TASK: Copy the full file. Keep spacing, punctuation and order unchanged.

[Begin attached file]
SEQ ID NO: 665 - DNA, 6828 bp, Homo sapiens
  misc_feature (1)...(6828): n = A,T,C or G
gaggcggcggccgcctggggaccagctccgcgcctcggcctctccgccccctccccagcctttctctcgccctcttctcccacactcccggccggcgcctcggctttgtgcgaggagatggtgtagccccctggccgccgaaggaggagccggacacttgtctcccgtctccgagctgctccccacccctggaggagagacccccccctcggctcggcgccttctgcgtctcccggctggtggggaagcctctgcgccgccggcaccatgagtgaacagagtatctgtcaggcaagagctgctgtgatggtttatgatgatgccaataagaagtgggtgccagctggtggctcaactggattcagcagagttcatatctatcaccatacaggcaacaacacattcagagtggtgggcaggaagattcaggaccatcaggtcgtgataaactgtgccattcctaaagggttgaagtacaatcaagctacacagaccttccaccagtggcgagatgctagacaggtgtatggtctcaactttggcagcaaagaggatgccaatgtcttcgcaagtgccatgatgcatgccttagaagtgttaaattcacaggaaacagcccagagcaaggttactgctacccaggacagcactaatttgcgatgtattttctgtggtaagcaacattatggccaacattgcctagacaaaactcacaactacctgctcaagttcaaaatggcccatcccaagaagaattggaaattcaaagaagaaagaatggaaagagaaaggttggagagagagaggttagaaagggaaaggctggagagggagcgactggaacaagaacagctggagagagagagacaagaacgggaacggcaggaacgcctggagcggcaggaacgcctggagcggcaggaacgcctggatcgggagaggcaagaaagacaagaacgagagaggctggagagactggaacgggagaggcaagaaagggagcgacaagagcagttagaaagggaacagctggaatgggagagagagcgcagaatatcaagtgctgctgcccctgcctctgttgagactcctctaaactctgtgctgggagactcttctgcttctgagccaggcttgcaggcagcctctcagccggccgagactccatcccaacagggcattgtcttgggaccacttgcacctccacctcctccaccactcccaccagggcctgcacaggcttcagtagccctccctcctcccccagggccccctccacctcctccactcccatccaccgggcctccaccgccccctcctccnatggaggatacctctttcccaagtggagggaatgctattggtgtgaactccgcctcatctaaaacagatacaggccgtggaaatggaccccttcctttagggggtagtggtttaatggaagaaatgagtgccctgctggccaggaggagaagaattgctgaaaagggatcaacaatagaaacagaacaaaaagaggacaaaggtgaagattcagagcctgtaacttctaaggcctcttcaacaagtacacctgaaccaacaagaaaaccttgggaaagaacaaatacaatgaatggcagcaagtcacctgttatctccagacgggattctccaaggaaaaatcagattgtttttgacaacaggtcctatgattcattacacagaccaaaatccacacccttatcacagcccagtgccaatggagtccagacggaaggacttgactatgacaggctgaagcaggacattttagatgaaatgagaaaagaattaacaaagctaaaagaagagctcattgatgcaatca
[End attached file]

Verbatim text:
SEQ ID NO: 665 - DNA, 6828 bp, Homo sapiens
  misc_feature (1)...(6828): n = A,T,C or G
gaggcggcggccgcctggggaccagctccgcgcctcggcctctccgccccctccccagcctttctctcgccctcttctcccacactcccggccggcgcctcggctttgtgcgaggagatggtgtagccccctggccgccgaaggaggagccggacacttgtctcccgtctccgagctgctccccacccctggaggagagacccccccctcggctcggcgccttctgcgtctcccggctggtggggaagcctctgcgccgccggcaccatgagtgaacagagtatctgtcaggcaagagctgctgtgatggtttatgatgatgccaataagaagtgggtgccagctggtggctcaactggattcagcagagttcatatctatcaccatacaggcaacaacacattcagagtggtgggcaggaagattcaggaccatcaggtcgtgataaactgtgccattcctaaagggttgaagtacaatcaagctacacagaccttccaccagtggcgagatgctagacaggtgtatggtctcaactttggcagcaaagaggatgccaatgtcttcgcaagtgccatgatgcatgccttagaagtgttaaattcacaggaaacagcccagagcaaggttactgctacccaggacagcactaatttgcgatgtattttctgtggtaagcaacattatggccaacattgcctagacaaaactcacaactacctgctcaagttcaaaatggcccatcccaagaagaattggaaattcaaagaagaaagaatggaaagagaaaggttggagagagagaggttagaaagggaaaggctggagagggagcgactggaacaagaacagctggagagagagagacaagaacgggaacggcaggaacgcctggagcggcaggaacgcctggagcggcaggaacgcctggatcgggagaggcaagaaagacaagaacgagagaggctggagagactggaacgggagaggcaagaaagggagcgacaagagcagttagaaagggaacagctggaatgggagagagagcgcagaatatcaagtgctgctgcccctgcctctgttgagactcctctaaactctgtgctgggagactcttctgcttctgagccaggcttgcaggcagcctctcagccggccgagactccatcccaacagggcattgtcttgggaccacttgcacctccacctcctccaccactcccaccagggcctgcacaggcttcagtagccctccctcctcccccagggccccctccacctcctccactcccatccaccgggcctccaccgccccctcctccnatggaggatacctctttcccaagtggagggaatgctattggtgtgaactccgcctcatctaaaacagatacaggccgtggaaatggaccccttcctttagggggtagtggtttaatggaagaaatgagtgccctgctggccaggaggagaagaattgctgaaaagggatcaacaatagaaacagaacaaaaagaggacaaaggtgaagattcagagcctgtaacttctaaggcctcttcaacaagtacacctgaaccaacaagaaaaccttgggaaagaacaaatacaatgaatggcagcaagtcacctgttatctccagacgggattctccaaggaaaaatcagattgtttttgacaacaggtcctatgattcattacacagaccaaaatccacacccttatcacagcccagtgccaatggagtccagacggaaggacttgactatgacaggctgaagcaggacattttagatgaaatgagaaaagaattaacaaagctaaaagaagagctcattgatgcaatca